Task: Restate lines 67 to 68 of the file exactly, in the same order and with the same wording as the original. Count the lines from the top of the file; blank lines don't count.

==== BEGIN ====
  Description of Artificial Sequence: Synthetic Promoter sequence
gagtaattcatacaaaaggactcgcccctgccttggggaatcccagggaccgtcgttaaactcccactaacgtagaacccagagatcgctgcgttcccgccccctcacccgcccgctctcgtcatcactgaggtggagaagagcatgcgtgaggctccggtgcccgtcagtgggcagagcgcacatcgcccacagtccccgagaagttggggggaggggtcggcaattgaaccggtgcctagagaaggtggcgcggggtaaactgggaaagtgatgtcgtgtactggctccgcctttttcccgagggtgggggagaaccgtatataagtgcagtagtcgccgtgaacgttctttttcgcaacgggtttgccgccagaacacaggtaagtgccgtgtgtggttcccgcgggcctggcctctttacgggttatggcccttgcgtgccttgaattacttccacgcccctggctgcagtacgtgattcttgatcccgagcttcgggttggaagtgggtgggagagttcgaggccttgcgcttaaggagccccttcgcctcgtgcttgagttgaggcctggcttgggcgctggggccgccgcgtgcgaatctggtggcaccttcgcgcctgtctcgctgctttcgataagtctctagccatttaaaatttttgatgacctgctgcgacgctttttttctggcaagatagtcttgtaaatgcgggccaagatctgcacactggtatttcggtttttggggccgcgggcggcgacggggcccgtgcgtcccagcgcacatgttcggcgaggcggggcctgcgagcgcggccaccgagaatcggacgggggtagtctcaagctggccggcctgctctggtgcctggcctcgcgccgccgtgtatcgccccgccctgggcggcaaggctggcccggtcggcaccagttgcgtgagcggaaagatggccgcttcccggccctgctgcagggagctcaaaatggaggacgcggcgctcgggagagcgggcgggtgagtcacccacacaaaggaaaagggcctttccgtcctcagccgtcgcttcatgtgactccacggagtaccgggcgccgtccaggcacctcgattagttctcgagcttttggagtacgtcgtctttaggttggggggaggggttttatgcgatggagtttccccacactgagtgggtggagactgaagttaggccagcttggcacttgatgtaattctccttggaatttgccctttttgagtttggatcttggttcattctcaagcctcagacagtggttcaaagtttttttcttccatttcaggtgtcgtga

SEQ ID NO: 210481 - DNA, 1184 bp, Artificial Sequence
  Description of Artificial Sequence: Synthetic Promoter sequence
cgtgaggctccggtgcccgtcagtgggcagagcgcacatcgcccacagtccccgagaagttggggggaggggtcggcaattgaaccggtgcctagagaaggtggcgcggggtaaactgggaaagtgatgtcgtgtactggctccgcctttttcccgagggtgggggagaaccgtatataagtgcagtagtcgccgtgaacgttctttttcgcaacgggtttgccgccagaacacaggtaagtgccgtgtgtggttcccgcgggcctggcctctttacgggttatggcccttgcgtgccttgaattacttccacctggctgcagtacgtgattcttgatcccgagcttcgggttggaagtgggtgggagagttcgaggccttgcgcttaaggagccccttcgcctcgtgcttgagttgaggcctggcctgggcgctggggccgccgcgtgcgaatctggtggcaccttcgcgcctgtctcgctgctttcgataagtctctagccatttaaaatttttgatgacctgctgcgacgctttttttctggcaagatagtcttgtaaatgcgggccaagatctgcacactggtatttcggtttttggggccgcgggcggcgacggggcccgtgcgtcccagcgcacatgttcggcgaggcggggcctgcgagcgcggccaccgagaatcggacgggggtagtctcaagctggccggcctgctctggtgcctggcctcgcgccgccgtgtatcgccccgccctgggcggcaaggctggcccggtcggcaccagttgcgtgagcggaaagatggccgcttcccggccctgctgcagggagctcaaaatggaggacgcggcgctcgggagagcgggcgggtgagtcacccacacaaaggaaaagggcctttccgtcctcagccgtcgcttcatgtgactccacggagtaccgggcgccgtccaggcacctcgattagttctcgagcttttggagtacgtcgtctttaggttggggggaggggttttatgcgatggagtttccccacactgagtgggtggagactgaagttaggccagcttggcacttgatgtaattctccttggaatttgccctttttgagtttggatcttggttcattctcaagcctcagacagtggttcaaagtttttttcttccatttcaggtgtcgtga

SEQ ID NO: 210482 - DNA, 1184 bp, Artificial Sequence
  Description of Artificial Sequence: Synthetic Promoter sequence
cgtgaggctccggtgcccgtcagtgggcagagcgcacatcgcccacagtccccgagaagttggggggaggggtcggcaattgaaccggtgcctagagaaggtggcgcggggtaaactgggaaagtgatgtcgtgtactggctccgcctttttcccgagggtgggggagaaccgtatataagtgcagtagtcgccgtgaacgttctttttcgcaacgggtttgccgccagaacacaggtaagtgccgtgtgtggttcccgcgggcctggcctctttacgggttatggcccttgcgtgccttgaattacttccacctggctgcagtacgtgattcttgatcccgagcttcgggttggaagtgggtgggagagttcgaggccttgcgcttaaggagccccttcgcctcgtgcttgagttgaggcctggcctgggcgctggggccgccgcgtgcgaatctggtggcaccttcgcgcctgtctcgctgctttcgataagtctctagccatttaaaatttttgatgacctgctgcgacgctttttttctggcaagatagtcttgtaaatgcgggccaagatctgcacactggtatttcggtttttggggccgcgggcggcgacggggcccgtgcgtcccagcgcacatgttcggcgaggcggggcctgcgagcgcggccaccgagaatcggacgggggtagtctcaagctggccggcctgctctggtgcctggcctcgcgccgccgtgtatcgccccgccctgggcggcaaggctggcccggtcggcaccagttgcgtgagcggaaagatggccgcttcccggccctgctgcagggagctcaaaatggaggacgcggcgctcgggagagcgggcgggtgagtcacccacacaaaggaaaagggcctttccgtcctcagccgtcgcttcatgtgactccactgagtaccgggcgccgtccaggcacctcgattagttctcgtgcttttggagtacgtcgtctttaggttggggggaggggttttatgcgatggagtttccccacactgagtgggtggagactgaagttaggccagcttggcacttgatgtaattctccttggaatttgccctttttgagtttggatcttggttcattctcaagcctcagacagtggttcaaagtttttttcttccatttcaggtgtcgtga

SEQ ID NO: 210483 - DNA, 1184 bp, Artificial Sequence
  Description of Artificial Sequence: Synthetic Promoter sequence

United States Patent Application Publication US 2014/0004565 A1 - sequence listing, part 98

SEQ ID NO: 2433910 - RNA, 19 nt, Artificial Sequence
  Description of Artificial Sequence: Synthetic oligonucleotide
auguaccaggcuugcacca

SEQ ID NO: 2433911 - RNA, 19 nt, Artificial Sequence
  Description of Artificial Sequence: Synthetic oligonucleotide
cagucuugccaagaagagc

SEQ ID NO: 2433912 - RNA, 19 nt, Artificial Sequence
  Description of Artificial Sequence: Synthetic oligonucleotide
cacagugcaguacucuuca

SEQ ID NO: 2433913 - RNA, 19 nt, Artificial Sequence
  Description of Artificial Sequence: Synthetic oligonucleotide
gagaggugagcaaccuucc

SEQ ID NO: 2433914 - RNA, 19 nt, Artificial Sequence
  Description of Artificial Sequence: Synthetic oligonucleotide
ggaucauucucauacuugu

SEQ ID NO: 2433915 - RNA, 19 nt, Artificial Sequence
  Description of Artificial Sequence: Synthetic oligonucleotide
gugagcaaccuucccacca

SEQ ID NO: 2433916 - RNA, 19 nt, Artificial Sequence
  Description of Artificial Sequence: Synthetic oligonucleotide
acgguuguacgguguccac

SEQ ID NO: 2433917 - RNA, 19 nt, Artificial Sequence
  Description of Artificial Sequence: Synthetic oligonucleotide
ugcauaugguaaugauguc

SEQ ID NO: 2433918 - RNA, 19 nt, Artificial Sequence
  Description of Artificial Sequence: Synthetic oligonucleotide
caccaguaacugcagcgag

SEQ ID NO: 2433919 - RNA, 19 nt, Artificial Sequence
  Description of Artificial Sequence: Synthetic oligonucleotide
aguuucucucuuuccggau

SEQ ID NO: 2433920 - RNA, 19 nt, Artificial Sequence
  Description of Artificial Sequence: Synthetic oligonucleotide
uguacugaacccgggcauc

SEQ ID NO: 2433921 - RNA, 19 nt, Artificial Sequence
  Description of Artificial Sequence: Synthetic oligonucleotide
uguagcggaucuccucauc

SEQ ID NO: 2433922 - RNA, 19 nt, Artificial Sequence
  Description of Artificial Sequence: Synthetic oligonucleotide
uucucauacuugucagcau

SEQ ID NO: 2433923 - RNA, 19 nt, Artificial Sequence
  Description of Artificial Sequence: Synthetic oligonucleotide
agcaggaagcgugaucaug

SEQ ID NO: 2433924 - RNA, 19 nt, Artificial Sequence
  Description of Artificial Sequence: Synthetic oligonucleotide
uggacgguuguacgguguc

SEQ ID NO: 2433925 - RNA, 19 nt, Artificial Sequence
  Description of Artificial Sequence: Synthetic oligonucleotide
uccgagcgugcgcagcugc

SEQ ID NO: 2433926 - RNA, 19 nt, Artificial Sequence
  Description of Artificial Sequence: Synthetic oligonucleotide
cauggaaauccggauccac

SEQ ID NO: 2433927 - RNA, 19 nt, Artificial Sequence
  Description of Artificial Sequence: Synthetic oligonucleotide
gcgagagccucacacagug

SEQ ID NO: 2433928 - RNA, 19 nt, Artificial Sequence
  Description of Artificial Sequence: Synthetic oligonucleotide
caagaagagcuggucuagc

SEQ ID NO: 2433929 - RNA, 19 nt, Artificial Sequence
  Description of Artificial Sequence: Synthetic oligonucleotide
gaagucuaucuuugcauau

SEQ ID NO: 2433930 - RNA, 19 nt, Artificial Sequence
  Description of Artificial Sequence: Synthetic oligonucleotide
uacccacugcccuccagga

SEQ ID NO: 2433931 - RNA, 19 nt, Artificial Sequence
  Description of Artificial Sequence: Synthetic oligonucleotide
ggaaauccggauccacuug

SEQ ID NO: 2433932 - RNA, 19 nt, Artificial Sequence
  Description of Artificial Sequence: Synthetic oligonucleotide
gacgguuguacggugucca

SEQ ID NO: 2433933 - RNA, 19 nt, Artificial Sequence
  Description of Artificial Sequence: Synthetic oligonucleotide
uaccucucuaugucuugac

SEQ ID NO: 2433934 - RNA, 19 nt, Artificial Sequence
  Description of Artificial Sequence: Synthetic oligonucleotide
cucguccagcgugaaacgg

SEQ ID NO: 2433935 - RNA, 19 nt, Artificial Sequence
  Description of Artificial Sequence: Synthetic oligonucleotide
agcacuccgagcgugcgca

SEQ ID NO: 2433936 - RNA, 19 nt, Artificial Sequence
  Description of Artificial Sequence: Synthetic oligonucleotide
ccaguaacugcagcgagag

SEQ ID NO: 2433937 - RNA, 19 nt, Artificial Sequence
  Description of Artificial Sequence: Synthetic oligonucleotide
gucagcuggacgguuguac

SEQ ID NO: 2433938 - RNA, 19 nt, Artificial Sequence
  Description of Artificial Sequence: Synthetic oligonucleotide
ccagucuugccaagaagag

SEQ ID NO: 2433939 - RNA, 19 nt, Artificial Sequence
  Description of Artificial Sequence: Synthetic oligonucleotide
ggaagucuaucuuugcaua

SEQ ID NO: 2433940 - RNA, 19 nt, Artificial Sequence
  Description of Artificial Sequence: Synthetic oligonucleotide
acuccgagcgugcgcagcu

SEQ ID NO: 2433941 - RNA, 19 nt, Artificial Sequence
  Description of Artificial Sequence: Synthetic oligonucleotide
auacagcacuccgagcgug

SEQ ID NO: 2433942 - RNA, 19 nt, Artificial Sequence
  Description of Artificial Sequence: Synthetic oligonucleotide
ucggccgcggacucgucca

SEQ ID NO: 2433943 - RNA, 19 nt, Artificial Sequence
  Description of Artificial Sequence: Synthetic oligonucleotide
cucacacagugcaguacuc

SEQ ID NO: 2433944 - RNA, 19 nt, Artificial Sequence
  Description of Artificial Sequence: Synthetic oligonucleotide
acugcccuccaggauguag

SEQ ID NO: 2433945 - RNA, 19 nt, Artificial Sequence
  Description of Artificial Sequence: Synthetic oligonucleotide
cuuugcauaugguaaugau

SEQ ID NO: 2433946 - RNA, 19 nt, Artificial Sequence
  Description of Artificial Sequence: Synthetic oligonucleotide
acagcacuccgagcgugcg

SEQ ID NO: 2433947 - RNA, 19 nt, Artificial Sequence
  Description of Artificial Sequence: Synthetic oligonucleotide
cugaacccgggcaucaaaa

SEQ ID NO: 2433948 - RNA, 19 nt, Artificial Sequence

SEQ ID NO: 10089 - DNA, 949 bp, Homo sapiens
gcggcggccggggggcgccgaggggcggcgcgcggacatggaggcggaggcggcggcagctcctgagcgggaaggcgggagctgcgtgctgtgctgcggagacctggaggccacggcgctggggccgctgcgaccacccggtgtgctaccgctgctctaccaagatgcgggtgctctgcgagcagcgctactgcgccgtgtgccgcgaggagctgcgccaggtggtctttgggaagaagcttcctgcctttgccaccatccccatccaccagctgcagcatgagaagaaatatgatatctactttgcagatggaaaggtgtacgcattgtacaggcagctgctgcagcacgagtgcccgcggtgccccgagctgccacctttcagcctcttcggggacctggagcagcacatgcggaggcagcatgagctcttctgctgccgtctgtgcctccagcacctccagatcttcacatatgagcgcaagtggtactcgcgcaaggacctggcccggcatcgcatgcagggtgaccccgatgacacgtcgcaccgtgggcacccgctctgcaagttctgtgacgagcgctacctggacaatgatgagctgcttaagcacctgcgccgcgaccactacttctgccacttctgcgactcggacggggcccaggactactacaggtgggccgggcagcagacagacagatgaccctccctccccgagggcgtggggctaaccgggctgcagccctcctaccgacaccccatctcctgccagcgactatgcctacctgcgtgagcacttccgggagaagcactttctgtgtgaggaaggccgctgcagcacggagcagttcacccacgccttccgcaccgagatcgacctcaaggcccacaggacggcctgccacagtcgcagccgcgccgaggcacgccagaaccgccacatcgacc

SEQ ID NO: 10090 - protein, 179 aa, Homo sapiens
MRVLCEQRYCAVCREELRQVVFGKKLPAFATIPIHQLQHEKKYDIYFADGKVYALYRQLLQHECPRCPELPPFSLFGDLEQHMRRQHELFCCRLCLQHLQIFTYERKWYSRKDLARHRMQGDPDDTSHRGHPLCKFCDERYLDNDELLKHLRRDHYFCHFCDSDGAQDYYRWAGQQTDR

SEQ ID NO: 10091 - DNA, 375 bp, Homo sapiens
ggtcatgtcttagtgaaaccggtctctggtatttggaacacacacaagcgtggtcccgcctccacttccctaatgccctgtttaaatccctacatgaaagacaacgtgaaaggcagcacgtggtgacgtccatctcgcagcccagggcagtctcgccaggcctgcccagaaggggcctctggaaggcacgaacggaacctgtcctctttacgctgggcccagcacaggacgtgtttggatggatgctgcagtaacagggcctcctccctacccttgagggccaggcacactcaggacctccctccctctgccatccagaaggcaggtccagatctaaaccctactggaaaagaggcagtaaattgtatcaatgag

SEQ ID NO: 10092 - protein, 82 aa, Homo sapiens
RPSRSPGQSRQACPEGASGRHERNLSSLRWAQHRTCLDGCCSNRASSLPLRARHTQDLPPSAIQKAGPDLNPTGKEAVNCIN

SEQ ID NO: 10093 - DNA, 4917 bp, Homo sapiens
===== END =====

  Description of Artificial Sequence: Synthetic oligonucleotide
caagaagagcuggucuagc